Though presumably made by adults who should have known better, The Brother from Space feels like what would happen if a little depressed kid who saw E.T. the Extraterrestrial wanted to make his own version. Little dude gets lost on our planet, kindly folks give him shelter and befriend him, and surly military guy tries to capture him. The movie of course contains none of the drama or tension you get from reading that E.T. rip-off to-do list.
In fairness to the film, if you pay attention, you’d know you were in for the cinematic equivalent of a sustained deep anal probe by aliens right from the beginning. “Roy Garrett” may be listed as the director but he exists solely in the credits and not in real life, Italian space case Mario Gariazzo (Very Close Encounters of the Fourth Kind, Eyes Behind the Stars) for some reason not wanting anyone to know he had anything to do with the film. Except that is to be quoted as an expert on alien invasion incidents in an on screen bit of text that starts the film!
Yep! While Mario gladly foregoes his name on the directing credit, he eagerly quotes himself about how what we are about to see is based on “events that actually took place in the United States and were classified Official” with details changed “in conformity with the regulations issued by security services regarding publication”. As goofy as that disclaimer drivel was, Mario saved the best for last. When he cites himself as the source of the quote, he then gives his credentials as “Former member of the National Investigation Committee on Arial Phenomena, Washington D.C.” Did you get a Captain Midnight secret decoder ring with your membership card, too, Mario?
But the real cattle mutilation the movie inflicts on the audience is everything that follows. Every choice Mario makes seems perversely engineered to make the movie as bad as possible. Almost until the end, the alien keeps his helmet on, robbing the audience of the chance to connect with the little guy and leaving us to stare at what amounts to a silver motorcycle helmet for 80 minutes. (Though when he takes his helmet off and his head looks like E.T. left a giant dookie out in the sun for a couple of days, you can maybe understand that.)
One of the film’s biggest failings is that almost nothing happens in the movie. Sure the military arrives and tries to find the little bugger, but it amounts to nothing but them wandering around the woods and NOT finding him. There’s some space capsules which crashed that they are guarding, but eventually the spaceship returns and just zaps them away anyway. But what about all the suspense about how the little alien is dying and he needs some cylinders in those capsules to stay alive? He doesn’t get them and drops dead. Hey, it’s all based on a true story and real life don’t always have happy endings, right?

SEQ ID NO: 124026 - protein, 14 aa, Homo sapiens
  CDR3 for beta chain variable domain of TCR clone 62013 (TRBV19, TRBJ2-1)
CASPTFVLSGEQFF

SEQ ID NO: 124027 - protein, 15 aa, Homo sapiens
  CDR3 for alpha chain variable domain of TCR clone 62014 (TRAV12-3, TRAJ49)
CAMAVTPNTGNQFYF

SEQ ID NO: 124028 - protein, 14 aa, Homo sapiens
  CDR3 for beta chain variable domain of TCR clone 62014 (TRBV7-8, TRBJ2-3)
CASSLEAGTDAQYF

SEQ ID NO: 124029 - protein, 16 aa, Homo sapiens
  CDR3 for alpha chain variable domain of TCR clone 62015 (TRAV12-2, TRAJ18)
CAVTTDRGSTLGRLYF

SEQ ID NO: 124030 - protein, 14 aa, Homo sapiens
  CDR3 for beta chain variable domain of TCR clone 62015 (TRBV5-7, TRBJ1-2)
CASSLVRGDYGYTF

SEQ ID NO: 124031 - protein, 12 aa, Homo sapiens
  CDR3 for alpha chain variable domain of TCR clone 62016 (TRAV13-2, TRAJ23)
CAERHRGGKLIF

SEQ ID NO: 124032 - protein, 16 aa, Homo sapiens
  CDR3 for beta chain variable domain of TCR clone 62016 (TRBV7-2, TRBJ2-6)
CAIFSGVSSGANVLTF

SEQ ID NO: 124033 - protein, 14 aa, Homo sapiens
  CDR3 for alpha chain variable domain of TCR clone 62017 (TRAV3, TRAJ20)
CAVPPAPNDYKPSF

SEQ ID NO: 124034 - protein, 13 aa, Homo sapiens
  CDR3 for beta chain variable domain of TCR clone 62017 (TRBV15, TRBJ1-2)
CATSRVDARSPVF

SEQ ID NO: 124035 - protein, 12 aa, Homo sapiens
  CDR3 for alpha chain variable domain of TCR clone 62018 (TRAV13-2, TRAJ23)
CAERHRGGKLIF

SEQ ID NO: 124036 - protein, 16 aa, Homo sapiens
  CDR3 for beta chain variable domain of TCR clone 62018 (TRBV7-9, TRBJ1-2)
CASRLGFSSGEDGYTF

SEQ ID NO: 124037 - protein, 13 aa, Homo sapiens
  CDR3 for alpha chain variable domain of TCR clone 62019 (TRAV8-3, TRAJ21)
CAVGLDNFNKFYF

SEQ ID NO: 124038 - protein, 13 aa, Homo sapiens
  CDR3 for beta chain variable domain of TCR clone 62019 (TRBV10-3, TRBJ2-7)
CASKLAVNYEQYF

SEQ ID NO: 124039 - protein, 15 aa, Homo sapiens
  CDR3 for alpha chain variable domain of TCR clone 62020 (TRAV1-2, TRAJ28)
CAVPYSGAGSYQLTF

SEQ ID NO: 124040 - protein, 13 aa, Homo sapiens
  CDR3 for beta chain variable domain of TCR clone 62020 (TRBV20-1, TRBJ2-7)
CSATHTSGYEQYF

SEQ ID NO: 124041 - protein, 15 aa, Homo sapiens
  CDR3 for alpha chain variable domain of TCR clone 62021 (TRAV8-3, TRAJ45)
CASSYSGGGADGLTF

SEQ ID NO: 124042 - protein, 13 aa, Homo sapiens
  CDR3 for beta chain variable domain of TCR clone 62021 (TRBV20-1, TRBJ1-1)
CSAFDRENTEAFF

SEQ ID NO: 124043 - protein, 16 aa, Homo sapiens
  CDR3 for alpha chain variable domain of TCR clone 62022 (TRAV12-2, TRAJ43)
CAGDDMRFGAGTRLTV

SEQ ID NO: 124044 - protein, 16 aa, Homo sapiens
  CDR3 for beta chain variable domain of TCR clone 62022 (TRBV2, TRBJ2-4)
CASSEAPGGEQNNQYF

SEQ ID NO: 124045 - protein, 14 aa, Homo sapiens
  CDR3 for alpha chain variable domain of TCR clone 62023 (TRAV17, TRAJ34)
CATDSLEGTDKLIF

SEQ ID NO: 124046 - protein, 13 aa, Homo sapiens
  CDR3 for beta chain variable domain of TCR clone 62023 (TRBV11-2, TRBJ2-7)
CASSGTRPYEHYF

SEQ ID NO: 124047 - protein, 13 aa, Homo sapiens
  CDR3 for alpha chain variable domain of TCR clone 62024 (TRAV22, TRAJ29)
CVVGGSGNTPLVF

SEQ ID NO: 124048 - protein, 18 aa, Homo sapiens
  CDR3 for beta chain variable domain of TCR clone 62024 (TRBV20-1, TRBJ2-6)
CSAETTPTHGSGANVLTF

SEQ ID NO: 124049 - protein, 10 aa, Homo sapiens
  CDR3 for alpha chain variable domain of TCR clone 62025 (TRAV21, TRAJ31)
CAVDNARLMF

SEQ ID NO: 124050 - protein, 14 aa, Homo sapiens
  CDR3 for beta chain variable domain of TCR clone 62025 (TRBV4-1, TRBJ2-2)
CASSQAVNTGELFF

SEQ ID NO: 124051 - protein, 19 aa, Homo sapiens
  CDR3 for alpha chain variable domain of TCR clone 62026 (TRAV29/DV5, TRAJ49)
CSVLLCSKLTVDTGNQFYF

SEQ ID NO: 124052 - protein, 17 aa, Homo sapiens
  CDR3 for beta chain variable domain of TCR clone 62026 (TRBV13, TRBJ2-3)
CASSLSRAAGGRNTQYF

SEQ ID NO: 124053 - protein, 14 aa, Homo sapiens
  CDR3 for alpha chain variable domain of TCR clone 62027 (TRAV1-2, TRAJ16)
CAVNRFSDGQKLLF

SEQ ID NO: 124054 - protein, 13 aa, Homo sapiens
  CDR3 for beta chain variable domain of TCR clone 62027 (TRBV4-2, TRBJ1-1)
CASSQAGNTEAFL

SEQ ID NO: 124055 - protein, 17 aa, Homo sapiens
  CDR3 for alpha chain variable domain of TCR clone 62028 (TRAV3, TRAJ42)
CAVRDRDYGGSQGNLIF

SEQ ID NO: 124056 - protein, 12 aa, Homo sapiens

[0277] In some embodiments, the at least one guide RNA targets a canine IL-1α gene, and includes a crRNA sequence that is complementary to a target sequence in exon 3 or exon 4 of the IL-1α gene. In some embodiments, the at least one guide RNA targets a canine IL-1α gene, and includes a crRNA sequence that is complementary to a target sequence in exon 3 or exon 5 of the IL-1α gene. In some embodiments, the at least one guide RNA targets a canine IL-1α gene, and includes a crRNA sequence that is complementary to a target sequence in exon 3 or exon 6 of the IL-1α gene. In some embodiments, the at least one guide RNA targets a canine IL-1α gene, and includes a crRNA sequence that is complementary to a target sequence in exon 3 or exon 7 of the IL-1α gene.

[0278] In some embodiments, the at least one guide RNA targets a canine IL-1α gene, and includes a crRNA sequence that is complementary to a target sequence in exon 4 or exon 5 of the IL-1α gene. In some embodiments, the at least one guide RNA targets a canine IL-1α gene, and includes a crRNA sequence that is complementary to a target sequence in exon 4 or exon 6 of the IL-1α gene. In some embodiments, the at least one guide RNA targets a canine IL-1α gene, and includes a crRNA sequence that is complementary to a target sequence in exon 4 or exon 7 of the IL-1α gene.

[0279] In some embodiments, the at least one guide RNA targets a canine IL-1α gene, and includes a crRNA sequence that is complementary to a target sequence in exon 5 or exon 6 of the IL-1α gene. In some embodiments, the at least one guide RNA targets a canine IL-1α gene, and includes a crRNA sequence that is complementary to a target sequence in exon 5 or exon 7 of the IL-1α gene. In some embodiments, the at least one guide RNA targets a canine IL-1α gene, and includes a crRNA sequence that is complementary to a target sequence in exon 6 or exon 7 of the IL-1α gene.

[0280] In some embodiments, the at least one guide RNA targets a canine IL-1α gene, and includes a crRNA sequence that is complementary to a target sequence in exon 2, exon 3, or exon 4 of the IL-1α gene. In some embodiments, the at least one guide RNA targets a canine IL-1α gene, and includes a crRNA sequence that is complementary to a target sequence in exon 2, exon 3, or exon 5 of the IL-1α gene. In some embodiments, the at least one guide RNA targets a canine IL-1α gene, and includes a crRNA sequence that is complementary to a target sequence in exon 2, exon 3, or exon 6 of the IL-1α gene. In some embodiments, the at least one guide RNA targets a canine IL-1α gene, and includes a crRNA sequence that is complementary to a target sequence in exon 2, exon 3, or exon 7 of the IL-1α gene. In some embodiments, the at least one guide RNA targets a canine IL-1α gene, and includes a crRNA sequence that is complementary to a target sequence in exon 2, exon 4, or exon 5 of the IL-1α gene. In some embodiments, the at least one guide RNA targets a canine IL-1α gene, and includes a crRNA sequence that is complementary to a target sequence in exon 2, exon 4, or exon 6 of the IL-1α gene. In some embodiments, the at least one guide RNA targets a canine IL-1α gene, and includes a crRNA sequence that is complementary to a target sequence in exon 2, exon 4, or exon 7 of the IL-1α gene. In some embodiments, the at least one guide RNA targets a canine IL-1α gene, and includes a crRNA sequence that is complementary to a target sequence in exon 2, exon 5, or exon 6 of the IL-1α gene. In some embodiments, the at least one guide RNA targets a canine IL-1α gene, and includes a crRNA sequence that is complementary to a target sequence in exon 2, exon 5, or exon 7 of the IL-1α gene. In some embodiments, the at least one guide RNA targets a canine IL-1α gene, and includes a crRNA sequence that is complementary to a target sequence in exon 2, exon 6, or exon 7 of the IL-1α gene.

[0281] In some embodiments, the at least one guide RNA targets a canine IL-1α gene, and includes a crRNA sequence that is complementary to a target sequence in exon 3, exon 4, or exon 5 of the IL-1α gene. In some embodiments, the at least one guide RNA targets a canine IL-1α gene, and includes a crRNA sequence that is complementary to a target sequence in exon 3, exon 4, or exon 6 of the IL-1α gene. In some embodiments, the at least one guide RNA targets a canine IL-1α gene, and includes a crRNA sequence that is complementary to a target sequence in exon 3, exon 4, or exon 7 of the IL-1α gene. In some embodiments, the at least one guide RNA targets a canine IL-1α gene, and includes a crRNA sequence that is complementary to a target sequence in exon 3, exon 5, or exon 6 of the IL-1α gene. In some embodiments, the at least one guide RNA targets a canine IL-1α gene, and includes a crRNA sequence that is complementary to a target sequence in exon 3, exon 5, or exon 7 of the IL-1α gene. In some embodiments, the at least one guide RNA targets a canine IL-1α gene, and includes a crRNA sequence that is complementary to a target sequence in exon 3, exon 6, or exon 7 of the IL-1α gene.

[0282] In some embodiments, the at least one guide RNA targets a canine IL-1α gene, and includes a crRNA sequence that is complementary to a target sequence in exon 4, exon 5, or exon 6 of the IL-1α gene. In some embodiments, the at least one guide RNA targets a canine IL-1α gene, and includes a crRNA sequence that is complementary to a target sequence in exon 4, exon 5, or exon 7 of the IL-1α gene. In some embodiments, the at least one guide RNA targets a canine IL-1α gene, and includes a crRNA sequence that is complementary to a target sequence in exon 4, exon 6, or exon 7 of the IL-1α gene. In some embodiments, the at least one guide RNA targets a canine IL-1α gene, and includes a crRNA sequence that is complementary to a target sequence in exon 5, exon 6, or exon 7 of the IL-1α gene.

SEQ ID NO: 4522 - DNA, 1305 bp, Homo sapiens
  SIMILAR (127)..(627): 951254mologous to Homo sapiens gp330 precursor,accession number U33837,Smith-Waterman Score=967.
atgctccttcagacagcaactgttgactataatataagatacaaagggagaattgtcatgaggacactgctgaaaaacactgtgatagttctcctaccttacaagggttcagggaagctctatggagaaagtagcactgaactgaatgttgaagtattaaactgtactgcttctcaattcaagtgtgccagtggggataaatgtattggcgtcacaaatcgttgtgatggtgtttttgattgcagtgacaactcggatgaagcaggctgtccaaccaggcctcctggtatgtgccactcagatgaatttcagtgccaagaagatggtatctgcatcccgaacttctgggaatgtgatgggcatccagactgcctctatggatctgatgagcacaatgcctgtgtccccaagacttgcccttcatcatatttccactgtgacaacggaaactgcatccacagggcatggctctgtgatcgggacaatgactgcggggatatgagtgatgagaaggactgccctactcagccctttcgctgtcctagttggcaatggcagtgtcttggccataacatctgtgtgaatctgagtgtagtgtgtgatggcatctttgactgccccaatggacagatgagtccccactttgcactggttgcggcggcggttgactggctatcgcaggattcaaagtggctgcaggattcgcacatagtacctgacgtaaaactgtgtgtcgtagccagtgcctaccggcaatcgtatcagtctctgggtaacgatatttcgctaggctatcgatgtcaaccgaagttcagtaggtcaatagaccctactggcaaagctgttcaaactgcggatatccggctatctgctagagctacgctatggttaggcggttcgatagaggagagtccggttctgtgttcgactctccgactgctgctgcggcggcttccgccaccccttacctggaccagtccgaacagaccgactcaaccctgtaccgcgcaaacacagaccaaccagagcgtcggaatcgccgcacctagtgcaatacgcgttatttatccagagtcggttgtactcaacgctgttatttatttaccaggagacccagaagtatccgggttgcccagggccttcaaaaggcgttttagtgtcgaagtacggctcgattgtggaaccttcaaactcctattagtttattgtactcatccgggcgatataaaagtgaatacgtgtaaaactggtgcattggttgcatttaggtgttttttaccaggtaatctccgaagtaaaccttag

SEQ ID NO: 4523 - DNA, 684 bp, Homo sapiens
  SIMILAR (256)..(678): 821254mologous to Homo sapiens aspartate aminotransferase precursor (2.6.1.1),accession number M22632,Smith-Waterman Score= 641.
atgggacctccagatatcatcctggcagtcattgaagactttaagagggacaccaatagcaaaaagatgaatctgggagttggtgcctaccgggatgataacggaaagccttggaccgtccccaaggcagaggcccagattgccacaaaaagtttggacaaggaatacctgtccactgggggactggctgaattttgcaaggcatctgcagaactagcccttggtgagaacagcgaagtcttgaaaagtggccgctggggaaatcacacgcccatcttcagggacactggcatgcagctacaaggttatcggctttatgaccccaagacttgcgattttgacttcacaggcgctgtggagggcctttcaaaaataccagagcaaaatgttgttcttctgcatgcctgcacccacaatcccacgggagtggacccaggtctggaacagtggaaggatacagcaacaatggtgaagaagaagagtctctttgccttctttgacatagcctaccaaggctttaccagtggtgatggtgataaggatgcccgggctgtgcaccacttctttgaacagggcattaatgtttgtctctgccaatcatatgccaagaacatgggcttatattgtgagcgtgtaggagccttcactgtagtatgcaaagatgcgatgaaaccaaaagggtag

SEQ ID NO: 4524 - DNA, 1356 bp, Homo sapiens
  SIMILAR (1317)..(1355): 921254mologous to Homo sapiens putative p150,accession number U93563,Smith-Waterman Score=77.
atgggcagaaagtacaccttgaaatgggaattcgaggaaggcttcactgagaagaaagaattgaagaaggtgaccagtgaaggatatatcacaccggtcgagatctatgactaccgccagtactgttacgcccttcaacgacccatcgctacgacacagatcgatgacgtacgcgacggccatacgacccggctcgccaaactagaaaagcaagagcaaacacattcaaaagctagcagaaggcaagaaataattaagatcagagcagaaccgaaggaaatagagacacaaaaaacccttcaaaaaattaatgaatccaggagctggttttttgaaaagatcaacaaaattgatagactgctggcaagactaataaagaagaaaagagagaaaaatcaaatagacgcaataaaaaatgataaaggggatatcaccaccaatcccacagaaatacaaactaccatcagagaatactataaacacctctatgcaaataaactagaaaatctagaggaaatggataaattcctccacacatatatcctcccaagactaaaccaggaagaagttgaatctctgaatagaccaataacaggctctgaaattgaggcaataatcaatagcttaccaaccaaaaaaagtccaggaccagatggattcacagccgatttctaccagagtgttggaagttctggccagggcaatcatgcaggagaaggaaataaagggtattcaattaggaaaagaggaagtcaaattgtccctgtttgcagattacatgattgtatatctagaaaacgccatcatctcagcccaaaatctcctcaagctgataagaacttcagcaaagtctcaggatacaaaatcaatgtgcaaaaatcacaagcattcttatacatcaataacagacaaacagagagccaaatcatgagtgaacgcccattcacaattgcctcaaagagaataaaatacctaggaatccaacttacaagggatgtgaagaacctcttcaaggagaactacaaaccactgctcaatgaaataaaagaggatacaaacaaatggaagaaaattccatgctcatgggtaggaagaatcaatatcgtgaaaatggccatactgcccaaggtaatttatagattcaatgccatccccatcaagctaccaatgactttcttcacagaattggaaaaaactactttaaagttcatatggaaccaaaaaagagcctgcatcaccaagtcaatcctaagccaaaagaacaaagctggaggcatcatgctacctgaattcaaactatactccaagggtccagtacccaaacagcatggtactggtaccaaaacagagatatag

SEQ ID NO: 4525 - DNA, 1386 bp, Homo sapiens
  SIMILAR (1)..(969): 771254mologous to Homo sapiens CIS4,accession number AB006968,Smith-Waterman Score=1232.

Worse, what does happen is glossed over with no explanation such as why the blind gal has a psychic connection to the alien and neither one of them have any psychic abilities as to anyone else. And in one of those random plot twists you would only ever expect to find in a low budget Italian movie, the alien turns out to be blind as well! He has a special visor that allows him to see, which he gives to the blind girl as he dies. (Kudos to her for not doing a spit take when the first thing she sees is the turd-like alien head and Martin Balsam.)
The titular Brother from Space does show a lighter side and the movie threatens to be stupidly entertaining for a few minutes when he uses his space powers to pull pranks on kids playing basketball, a guy ringing church bells and even uses the Force to pour drinks for the priest and psychic without touching anything! Then he stops and mopes the rest of the picture, somehow even managing to compare himself to Jesus Christ and putting a crown of thorns on his head!
Balsam is the only recognizable face in the movie (if you don’t count the knock-off E.T. head) and he hopes to hell you don’t recognize him from his role in another of Mario’s space sputum, Eyes Behind the Stars. (Marty, you were in Psycho! What happened?) He plays the priest and the priest does what you would expect showing a lot of understanding and acceptance to some alien blasphemer and resisting the military thugs searching for the alien.
More stultifying than flying coach to Mars, The Brother from Space‘s languorous approach to first contact and the government’s laughable reaction to it (all it takes to thwart them is a priest and a blind woman? We aren’t going to win a war ever again, are we?) leaves no doubt why Mario was fine using a secret identity in making it. But it leaves you wondering why the city of San Luis Obispo, featured so prominently in the film, didn’t demand the same privilege. Beam me up Scotty, there’s no way intelligent life made this.
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